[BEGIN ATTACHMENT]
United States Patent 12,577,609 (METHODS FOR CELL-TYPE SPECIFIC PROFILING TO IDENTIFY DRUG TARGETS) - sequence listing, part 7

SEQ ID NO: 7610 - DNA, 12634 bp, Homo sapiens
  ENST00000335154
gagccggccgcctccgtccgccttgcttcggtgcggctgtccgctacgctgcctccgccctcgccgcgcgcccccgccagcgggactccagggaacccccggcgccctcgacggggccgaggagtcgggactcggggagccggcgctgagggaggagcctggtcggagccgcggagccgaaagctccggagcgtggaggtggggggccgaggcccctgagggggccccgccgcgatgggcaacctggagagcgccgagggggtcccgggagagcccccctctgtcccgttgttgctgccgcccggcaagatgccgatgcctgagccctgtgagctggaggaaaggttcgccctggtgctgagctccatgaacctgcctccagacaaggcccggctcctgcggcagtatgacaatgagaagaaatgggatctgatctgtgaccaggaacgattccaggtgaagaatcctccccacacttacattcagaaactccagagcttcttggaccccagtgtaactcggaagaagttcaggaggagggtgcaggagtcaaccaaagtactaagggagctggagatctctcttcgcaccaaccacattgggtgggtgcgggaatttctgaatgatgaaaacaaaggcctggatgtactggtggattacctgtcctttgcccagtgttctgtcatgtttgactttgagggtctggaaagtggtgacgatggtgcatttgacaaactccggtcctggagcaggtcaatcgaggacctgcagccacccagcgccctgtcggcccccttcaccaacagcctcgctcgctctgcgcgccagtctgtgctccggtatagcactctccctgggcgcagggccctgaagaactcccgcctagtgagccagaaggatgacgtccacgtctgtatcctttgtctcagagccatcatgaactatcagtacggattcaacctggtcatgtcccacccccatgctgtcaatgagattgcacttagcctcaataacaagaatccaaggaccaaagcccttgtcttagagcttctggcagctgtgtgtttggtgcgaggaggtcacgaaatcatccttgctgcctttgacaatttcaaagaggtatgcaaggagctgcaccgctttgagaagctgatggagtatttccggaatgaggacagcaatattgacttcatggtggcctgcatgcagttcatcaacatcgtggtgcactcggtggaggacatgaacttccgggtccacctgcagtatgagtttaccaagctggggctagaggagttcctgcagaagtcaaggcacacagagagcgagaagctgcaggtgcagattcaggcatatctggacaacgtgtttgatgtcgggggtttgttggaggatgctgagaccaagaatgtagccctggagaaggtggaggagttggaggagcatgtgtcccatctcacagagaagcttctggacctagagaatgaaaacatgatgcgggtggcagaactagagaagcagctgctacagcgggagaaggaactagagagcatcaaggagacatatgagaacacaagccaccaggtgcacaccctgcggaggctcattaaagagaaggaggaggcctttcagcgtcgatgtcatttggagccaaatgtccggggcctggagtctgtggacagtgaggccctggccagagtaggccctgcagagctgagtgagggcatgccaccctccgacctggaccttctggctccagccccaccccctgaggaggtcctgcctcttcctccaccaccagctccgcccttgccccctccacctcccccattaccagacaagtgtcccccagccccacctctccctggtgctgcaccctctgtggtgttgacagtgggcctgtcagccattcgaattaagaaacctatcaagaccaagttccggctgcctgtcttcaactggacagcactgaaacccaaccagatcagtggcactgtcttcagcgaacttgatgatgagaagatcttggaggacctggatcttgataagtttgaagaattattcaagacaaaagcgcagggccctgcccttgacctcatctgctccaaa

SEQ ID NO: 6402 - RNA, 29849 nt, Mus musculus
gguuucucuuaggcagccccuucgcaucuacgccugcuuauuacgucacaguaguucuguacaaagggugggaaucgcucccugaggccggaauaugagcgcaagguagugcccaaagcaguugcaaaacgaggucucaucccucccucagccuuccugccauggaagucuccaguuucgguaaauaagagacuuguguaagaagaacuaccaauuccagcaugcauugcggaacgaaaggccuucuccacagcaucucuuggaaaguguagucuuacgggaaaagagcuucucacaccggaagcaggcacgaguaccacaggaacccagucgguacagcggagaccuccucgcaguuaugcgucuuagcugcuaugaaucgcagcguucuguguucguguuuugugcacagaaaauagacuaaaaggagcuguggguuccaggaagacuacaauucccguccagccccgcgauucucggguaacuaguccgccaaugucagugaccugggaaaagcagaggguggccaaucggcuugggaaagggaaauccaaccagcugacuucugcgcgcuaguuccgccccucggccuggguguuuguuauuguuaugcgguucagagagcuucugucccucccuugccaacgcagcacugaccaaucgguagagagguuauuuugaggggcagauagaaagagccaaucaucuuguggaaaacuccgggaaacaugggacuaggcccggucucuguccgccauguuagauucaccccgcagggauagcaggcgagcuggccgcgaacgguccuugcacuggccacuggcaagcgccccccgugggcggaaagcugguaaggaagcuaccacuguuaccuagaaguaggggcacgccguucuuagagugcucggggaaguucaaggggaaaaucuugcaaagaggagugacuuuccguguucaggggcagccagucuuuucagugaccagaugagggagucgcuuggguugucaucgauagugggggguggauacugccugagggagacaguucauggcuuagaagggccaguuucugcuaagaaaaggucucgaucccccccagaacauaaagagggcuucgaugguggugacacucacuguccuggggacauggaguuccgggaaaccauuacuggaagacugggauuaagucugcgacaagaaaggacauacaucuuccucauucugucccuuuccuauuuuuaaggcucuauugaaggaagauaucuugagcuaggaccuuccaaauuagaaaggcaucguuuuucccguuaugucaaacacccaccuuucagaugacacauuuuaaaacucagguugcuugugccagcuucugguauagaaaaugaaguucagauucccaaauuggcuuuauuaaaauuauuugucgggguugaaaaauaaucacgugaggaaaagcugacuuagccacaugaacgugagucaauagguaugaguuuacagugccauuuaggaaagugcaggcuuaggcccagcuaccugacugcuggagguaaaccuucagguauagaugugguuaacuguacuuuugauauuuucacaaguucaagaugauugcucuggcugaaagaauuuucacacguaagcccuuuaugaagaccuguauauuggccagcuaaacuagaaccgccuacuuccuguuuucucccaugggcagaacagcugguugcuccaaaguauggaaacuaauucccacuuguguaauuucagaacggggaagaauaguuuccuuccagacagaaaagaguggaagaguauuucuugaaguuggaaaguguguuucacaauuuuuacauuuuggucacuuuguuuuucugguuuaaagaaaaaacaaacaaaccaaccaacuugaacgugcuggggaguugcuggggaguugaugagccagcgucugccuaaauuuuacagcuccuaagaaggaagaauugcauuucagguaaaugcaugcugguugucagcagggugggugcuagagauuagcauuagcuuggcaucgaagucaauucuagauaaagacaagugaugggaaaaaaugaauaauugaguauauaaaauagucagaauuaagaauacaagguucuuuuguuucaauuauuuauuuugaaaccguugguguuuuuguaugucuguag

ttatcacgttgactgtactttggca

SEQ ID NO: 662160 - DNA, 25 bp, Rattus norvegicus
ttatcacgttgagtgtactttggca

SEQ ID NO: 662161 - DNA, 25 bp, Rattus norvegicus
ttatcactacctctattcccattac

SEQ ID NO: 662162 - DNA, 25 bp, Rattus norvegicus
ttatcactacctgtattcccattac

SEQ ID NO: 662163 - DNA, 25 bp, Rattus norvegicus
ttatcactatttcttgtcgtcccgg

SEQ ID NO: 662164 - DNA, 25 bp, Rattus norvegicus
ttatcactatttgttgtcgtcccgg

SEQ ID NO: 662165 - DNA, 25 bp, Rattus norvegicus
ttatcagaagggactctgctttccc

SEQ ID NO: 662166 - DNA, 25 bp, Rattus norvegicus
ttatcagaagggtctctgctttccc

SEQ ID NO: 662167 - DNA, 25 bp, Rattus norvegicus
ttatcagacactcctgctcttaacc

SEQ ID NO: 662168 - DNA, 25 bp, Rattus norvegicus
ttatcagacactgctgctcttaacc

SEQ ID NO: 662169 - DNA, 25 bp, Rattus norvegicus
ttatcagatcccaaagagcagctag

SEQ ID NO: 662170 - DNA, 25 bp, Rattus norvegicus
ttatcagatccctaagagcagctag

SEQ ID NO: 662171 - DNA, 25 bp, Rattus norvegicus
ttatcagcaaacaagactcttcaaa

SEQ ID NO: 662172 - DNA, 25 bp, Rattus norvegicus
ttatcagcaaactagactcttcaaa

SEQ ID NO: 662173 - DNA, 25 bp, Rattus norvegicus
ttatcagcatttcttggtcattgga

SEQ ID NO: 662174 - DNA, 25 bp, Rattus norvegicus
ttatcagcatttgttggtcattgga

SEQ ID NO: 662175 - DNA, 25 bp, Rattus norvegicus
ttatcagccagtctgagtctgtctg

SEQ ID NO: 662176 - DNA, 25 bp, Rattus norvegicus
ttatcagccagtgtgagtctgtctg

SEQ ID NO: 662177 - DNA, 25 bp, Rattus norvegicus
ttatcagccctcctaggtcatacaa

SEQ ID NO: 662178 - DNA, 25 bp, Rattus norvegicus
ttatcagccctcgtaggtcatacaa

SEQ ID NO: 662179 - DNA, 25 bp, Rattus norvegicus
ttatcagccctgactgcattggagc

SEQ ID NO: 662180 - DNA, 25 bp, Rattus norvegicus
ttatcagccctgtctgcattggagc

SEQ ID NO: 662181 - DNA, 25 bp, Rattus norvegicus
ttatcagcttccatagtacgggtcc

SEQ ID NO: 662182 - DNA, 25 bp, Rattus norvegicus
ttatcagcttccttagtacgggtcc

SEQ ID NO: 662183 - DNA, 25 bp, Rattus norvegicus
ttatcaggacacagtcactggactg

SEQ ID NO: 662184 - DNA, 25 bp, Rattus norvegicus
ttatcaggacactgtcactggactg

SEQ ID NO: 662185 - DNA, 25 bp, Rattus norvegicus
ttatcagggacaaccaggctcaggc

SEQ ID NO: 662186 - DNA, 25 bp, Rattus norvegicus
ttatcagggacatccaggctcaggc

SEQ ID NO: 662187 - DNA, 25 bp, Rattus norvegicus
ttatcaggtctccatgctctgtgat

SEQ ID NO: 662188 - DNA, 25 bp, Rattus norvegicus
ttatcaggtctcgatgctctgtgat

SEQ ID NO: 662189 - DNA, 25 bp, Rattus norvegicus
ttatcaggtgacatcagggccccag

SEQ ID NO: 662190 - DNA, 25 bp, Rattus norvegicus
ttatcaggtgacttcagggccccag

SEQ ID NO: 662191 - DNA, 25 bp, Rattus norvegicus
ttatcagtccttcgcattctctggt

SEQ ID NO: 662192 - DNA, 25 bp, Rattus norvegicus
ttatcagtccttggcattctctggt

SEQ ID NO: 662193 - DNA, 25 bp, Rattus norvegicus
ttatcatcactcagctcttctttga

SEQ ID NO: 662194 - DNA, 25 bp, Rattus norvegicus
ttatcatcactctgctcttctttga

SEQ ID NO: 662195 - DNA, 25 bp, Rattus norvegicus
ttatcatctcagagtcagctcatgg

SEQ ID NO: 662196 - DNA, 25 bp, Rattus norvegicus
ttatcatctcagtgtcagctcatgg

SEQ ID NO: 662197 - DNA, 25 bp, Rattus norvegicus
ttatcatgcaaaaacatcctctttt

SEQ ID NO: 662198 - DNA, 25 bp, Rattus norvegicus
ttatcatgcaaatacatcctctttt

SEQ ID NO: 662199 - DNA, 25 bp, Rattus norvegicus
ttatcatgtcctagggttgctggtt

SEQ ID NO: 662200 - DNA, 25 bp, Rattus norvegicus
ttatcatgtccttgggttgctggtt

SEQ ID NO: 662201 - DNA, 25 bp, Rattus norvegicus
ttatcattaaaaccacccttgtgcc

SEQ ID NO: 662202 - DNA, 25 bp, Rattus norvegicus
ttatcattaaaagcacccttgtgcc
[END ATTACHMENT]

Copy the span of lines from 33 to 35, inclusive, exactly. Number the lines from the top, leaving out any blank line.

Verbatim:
ttatcagcaaactagactcttcaaa

SEQ ID NO: 662173 - DNA, 25 bp, Rattus norvegicus
ttatcagcatttcttggtcattgga